Chronic Critics

Dajafi at The Good Phight has written a thought-provoking piece about suspending judgment on the Phillies’ off-season moves. Most of us in the Phillies blogosphere (including yours truly) were highly critical not only of most of Amaro’s dealings, but also of his hiring in the first place. In his year-plus as the Phillies’ GM, his record is a lot more impressive than ours (though I didn’t do so bad).

Daj notes that the Phillies are reported to be the favorites to land Mark DeRosa and have shown interest in Fernando Rodney, two players most statistically-inclined Phillies bloggers prefer to be passed over. He concludes his article thusly:

So when the Phils bring in Mark DeRosa, David Weathers, Brian Schneider and John McDonald as their big offseason additions, for once I’m going to try and keep the faith.

I certainly see his viewpoint and agree with him that there are just some things (probably a lot of things) that a GM is privy to that we bloggers are not. Whatever those things may be is certainly valuable in the evaluation of talent.

However, as we learned with Bill Belichick when he went for the first down on 4th-and-2 on his own 28-yard-line with 2:08 left and a six-point lead… you can’t judge a decision by what happens afterwards. Almost every honestly-performed statistical evaluation of the decision concludes that Belichick made the right decision.

Similarly, the game of poker — particularly Texas Hold’em — is riddled with instances of good decisions gone bad and vice versa. Last night, I played in a freeroll at a bar, and I had two instances of making extremely bad plays that worked out very well in my favor, one of which involved me bluffing all the way to the river only to back-door the nut flush.

Monday morning quarterbacks would say that I made the right decision to bluff all my chips away on the flop and turn even though I was clearly behind and should have had the discipline to realize that I was beat. Likewise, those Monday morning quarterbacks have maligned Belichick for his 4th-and-2 decision.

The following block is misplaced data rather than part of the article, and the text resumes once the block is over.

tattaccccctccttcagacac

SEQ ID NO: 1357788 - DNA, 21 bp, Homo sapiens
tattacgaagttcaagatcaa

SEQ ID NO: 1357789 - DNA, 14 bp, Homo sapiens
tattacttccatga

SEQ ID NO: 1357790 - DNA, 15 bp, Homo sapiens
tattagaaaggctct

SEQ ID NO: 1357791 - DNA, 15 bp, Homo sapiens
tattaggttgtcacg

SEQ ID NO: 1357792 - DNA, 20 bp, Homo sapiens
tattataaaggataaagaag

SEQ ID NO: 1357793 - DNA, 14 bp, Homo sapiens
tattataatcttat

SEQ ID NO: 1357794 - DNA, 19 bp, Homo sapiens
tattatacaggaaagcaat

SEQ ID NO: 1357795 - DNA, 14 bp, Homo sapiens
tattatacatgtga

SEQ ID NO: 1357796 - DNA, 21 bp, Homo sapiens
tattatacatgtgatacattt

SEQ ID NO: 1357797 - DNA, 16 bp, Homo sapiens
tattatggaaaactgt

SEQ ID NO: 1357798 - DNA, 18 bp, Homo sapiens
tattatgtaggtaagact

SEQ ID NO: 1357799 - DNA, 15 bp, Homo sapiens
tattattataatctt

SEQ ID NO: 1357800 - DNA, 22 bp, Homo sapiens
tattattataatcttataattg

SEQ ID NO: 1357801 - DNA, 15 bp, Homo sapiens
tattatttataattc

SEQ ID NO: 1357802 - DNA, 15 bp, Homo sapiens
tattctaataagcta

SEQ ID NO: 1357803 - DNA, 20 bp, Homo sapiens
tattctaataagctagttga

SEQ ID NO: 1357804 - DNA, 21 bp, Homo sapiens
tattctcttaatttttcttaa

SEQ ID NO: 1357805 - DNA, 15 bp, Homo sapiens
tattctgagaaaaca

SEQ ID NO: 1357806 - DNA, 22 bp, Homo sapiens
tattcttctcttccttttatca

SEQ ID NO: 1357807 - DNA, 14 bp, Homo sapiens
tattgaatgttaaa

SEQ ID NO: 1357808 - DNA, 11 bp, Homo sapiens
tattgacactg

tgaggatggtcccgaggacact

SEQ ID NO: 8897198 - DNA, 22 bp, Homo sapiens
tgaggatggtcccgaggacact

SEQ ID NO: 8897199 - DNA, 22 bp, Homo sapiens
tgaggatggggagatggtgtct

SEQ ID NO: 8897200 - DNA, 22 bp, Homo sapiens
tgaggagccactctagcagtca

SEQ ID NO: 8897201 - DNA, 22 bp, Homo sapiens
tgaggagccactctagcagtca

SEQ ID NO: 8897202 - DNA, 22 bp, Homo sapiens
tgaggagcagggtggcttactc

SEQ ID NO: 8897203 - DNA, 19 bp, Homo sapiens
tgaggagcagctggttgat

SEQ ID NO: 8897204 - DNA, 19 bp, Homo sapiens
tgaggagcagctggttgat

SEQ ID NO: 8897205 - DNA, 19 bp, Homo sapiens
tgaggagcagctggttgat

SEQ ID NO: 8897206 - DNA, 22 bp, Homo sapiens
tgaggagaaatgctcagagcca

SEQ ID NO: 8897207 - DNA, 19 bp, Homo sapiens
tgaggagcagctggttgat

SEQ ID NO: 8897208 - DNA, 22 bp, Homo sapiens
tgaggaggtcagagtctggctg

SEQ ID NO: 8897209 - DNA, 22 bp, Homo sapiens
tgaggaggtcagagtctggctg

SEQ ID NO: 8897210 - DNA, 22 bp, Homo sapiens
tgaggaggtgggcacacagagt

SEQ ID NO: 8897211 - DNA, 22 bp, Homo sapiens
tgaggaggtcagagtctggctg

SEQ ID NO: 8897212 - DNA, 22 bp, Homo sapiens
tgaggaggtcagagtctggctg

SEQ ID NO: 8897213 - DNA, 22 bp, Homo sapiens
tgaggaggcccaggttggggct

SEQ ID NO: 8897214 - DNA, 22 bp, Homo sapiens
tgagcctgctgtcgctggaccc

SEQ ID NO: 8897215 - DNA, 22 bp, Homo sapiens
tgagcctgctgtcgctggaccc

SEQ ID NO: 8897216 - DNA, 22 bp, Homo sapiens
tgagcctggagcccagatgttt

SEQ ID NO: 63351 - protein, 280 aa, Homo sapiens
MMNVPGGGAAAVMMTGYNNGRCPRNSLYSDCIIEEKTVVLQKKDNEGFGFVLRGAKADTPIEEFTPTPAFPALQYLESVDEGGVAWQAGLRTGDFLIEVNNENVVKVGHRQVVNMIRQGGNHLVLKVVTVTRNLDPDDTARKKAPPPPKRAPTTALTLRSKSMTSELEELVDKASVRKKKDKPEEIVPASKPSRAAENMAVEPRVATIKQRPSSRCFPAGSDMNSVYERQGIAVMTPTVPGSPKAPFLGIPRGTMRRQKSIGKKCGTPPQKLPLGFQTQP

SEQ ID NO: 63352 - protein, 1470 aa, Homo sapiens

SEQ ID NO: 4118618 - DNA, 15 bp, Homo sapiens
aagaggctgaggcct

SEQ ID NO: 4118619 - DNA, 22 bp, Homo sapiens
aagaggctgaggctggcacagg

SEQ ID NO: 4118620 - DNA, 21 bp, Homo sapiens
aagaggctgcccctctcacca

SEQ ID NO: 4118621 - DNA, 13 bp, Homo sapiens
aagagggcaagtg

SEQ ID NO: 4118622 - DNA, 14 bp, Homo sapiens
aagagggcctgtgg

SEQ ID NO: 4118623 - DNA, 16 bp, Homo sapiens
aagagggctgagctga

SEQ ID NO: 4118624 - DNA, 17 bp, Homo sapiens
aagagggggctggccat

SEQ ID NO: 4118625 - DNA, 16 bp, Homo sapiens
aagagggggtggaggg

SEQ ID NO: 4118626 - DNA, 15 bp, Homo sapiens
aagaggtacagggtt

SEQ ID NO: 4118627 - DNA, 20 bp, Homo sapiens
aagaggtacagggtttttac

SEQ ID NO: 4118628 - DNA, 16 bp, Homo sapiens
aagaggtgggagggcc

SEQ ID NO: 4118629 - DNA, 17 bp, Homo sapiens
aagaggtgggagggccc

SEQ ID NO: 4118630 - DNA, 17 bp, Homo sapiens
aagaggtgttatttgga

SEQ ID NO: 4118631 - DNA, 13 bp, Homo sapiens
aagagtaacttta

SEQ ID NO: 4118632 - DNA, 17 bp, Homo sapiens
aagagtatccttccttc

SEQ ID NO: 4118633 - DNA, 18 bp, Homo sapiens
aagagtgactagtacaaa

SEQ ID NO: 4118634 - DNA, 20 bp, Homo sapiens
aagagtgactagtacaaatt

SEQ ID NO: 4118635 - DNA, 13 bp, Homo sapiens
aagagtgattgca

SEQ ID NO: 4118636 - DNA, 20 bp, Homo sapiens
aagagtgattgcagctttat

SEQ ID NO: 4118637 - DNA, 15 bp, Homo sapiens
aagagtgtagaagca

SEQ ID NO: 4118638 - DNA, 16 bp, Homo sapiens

If we want to be scholarly in our evaluation of Amaro, we mustn’t resort to ex post facto evaluations. Even though Raul Ibanez was an MVP candidate in the first half of the 2009 season and was one of the Phillies’ most reliable hitters, that doesn’t mean that his three-year $31.5 million contract is now justifiable. He turned 37 in June last season, and most would agree that signing a player to a three-year contract with an average annual value of $10.5 million during his age 37, 38, and 39 seasons is ill-advised.

Overall, I agree that Amaro did a fantastic job rounding out the Phillies’ roster and for correctly evaluating his talent. Many, including myself, clearly underestimated him. However, let us not lose that critical eye we had last off-season. If Amaro does sign David Weathers and John McDonald, we should be just as critical of those acquisitions as we were of Ibanez and Jack Taschner. We need to be unwavering chronic critics.